To parameterize the functional forms for each term, statistical distributions of the properties are calculated from the evaluation (EVA) database (22), which contains more than 2,600 unique structures of proteins. The resulting probability distributions are used to calculate a potential of mean force by the Boltzmann conversion method, where k_{B} is the Boltzmann constant, T is the temperature, P_{i} is the probability of a property at value i, and P_{0} is the referencestate probability.
Virtual Cα–Cα Bonds.
The virtual interaction between the bonded Cα atoms are described by a harmonic potential, such that Three types of virtual bonded restraints exist in polypeptide chains. The first two are the cis and trans peptide bonds on the main chain, and the third includes the disulfide bridges that link the cysteine residues. Each type is explained by the same harmonic potential but with different parameters, specified here by the superscript BT for bond type.
The statistical analysis shows a narrow distribution of Cα–Cα distances centered on 3.78 Å (σ = 0.0093 Å) for trans peptides (Fig. 2A). Hence, a minimum at 3.8 Å can be adopted for the trans peptides or, alternatively, crystalstructure distances can be set as the minima point. Cis peptide bonds, most common before proline residues, adopt a different conformation where the Cα–Cα distance is 2.97 Å on average. To avoid deficiencies around the cis–peptide bonds—or a more complicated functional form to account for the cis conformation as well—the same functional form is preserved, whereas the crystalstructure distances given for each Cα pair are taken as the minima points in a fashion similar to those seen in harmonic network models (14). Harmonic potential fitting to the energy profile obtained from Boltzmann conversion of the probability distribution from trans peptides (Fig. 2A) yields a spring constant of ≈70 kcal/molÅ^{2}. The same force constant is also adopted for cis peptides, because bonding interactions are similar in cis and trans peptides.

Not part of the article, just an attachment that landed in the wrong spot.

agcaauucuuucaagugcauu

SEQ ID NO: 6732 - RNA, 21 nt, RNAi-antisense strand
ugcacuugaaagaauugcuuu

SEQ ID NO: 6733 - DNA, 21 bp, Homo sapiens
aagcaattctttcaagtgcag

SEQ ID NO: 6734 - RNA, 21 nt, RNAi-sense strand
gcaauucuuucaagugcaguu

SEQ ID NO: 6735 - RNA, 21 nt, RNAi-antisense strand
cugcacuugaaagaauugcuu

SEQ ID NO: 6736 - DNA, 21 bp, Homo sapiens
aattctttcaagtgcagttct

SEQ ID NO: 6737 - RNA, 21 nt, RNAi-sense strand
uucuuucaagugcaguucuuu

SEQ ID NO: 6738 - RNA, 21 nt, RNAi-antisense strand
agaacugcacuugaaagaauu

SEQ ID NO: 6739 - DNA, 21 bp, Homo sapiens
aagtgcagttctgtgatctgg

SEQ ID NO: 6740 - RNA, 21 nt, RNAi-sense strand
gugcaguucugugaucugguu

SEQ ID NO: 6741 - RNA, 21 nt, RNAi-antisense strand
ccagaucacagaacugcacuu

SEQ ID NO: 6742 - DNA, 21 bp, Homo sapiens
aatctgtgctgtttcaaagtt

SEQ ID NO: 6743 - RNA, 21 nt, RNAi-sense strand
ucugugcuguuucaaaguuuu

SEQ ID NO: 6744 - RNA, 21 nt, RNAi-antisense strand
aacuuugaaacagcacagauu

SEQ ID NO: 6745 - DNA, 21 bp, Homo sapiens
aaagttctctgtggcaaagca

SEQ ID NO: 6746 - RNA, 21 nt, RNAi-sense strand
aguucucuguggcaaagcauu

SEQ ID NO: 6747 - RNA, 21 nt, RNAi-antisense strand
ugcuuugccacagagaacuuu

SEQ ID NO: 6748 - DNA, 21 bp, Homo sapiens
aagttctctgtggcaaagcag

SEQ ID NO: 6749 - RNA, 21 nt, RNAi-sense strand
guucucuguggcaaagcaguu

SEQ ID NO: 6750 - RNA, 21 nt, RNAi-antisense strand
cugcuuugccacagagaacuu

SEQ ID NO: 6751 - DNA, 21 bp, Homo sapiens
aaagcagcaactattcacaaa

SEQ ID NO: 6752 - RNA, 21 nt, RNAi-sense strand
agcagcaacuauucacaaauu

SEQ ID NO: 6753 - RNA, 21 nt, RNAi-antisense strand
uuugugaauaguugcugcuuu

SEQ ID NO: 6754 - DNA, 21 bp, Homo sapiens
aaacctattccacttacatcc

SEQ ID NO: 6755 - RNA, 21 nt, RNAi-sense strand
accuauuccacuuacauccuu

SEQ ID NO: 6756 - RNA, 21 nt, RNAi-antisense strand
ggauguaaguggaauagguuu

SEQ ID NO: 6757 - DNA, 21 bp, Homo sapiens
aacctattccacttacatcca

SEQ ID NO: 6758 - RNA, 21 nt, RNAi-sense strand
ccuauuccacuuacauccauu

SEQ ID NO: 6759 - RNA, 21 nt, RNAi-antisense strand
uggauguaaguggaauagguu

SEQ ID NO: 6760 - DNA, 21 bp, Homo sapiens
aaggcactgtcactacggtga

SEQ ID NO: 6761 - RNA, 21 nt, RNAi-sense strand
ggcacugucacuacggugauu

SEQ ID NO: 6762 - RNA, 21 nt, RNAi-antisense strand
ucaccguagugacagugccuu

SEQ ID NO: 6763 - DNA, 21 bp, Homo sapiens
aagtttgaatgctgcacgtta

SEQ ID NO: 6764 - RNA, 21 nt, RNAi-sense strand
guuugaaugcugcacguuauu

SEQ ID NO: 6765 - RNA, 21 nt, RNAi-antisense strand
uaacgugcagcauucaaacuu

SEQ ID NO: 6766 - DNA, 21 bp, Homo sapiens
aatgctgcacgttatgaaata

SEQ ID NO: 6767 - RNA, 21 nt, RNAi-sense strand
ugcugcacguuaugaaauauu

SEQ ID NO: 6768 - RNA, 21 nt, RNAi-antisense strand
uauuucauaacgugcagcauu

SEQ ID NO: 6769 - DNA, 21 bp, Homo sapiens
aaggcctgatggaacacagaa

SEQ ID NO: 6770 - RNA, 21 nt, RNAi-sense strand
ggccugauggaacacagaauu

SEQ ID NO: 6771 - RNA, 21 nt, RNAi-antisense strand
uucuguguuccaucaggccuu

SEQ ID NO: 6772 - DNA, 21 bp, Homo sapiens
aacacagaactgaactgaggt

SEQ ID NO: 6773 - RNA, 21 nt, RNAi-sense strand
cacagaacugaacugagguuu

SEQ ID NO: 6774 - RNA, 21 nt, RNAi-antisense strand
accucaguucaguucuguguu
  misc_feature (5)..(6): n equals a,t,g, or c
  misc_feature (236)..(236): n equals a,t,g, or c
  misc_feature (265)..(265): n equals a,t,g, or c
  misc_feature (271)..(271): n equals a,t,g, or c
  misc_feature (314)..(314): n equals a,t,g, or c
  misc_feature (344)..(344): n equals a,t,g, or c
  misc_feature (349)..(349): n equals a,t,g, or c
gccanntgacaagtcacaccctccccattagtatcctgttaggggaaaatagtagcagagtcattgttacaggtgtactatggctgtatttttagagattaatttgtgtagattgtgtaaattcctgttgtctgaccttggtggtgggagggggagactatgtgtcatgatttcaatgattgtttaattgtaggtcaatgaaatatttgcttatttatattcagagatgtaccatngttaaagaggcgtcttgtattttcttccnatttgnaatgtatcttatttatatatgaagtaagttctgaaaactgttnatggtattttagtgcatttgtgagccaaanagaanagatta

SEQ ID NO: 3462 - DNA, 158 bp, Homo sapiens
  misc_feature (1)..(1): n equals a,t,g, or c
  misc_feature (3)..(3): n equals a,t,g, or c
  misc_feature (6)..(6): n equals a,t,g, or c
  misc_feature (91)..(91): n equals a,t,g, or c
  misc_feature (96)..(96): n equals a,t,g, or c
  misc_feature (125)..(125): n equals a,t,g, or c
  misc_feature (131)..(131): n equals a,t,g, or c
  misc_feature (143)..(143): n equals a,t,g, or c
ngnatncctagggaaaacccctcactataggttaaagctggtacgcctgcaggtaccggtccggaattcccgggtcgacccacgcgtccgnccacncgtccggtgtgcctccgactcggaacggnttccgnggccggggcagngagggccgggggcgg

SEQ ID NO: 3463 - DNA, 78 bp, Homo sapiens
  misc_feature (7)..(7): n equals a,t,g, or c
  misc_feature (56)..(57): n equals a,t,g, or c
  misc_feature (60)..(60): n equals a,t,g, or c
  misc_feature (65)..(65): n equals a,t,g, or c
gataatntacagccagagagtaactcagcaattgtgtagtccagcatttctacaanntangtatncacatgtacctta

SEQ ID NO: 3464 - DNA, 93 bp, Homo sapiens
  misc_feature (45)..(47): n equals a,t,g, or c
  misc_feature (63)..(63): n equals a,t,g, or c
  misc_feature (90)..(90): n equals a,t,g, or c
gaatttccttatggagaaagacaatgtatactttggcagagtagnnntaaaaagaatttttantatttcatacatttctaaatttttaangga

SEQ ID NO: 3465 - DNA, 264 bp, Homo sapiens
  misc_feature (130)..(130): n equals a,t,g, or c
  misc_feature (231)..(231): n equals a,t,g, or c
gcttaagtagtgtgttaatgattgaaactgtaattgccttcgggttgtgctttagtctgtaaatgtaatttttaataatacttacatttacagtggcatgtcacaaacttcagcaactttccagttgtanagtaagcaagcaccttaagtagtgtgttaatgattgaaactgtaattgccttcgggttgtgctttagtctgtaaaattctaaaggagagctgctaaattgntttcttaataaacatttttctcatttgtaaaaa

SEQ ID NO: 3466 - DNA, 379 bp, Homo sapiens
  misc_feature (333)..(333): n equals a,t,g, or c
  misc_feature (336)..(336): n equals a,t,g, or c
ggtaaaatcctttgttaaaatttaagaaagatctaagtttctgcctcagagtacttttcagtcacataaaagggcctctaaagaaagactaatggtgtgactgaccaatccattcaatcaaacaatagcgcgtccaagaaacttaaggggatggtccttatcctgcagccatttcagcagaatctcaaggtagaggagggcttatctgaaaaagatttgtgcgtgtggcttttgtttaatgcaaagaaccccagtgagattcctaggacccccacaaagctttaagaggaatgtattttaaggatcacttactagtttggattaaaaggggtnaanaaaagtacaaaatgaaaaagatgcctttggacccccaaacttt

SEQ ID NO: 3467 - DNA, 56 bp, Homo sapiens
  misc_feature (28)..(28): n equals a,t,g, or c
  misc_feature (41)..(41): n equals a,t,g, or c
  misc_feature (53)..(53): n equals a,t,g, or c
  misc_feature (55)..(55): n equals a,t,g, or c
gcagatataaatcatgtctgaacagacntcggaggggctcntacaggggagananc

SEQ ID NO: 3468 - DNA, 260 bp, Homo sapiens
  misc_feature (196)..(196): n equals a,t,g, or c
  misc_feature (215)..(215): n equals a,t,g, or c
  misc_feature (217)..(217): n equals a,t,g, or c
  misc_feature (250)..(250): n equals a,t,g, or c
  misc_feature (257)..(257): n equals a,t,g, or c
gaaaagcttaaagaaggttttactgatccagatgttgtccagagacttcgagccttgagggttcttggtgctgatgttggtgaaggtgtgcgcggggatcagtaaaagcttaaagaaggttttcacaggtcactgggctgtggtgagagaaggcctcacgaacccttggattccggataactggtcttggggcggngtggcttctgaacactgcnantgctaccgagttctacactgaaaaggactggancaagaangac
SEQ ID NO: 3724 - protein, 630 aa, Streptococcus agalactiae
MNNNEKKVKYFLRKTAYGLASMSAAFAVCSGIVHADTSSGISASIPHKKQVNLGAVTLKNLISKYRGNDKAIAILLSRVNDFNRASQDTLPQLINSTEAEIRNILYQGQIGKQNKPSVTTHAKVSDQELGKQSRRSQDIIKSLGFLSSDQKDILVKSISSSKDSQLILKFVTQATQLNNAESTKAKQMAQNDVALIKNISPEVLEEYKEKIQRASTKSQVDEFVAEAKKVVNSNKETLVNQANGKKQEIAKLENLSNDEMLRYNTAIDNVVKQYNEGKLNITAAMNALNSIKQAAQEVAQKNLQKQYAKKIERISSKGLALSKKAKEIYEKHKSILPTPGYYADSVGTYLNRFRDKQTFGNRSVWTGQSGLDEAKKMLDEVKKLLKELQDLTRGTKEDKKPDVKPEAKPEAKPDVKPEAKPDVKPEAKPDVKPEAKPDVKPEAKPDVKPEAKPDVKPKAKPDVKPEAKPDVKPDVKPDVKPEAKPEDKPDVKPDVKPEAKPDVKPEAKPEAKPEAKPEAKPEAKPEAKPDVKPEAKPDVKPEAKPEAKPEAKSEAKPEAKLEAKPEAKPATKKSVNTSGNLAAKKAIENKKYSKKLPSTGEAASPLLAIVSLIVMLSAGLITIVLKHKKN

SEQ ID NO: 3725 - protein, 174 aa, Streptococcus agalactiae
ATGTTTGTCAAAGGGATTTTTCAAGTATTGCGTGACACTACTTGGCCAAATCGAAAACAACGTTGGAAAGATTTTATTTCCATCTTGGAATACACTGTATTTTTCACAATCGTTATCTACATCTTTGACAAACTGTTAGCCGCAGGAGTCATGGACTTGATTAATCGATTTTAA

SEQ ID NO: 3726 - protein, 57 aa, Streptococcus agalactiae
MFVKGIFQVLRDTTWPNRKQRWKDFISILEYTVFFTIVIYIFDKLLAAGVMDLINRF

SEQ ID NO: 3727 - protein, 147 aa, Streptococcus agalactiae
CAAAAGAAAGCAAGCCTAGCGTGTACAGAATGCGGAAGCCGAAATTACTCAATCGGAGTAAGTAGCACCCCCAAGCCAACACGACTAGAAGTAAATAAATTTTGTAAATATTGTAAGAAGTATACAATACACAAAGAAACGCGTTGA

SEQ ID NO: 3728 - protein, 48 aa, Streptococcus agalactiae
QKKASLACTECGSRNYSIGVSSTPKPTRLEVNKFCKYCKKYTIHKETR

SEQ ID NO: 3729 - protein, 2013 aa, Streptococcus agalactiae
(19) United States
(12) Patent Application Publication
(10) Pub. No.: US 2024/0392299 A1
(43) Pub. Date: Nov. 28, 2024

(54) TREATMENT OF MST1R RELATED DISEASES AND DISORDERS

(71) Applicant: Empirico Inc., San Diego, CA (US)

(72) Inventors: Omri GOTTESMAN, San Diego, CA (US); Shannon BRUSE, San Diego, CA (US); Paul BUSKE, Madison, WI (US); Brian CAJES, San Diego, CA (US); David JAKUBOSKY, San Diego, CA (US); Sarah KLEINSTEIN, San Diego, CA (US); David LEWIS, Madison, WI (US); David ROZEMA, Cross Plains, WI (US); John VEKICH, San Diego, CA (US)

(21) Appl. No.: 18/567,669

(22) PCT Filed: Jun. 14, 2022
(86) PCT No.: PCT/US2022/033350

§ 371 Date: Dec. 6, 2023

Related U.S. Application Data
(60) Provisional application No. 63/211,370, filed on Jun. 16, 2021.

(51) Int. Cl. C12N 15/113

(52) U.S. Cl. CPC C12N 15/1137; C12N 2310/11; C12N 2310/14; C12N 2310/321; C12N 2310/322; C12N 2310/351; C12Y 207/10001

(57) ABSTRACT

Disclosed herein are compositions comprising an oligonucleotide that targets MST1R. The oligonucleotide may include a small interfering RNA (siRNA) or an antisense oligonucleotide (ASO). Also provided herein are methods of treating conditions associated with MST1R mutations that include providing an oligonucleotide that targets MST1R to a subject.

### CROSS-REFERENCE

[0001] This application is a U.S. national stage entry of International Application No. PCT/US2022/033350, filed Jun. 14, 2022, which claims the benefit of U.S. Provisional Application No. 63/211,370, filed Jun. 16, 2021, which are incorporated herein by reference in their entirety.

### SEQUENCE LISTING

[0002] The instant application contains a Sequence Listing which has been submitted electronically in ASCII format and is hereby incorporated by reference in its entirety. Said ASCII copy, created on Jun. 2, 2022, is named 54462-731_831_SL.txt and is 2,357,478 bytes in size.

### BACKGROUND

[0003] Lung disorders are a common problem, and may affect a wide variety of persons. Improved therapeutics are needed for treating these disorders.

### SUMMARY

Disulfide bridges are also modeled by a harmonic potential as for the Cα–Cα virtual bonds. A virtual bond is assumed to exist between the Cα atoms of the Cys residues that form the bridges. In contrast to Cα–Cα interactions, however, there is a fairly large heterogeneity in the distribution of distances for disulfide bridges. In this circumstance, the equilibrium distances in the harmonic potentials for these virtual bonds are assigned directly as the crystalstructure values. Due to the relative heterogeneity of the Cα atoms related to the disulfide bridges, an empirical force constant value of 20 kcal/molÅ^{2} is adopted. This value permits relative flexibility, but it also preserves the disulfide–bridge restraints.
Virtual Dihedral Restraints.
The virtual dihedral angle defined by four consecutive Cα atoms is directly related to the secondary structure of the residues involved. Based on this main observation, the dihedral angle distributions are calculated for every secondary structure combination possible for each quartet of residues. For this purpose, Dictionary of Protein Secondary Structure (DSSP) (23) assignments are made to all proteins represented in the EVA database. DSSP assigns eight different secondary structure types to residues (i.e., αhelix [H], 3_{10} helix [G], πhelix [I], βsheet [E], turn [T], βbulge [B], bend [S], and loop [L]), but we combine βbulge with the βsheet assignment [E] because these types have very similar dihedral and bending angle propensities. Hence, a series of secondarystructurebased classes of dihedral angle quartets are defined, such as HHHH, HHHL, EEEE, etc. Among such quartets, the dihedrals that are not represented more than 1,000 times in the EVA database are combined into more general classes. For example, XGLX, which groups all of the virtual dihedrals whose central residues are a 3_{10} helix and loop, are grouped in the same quartet. These groupings yielded a total of 126 quartet types having specific dihedral energy parameters.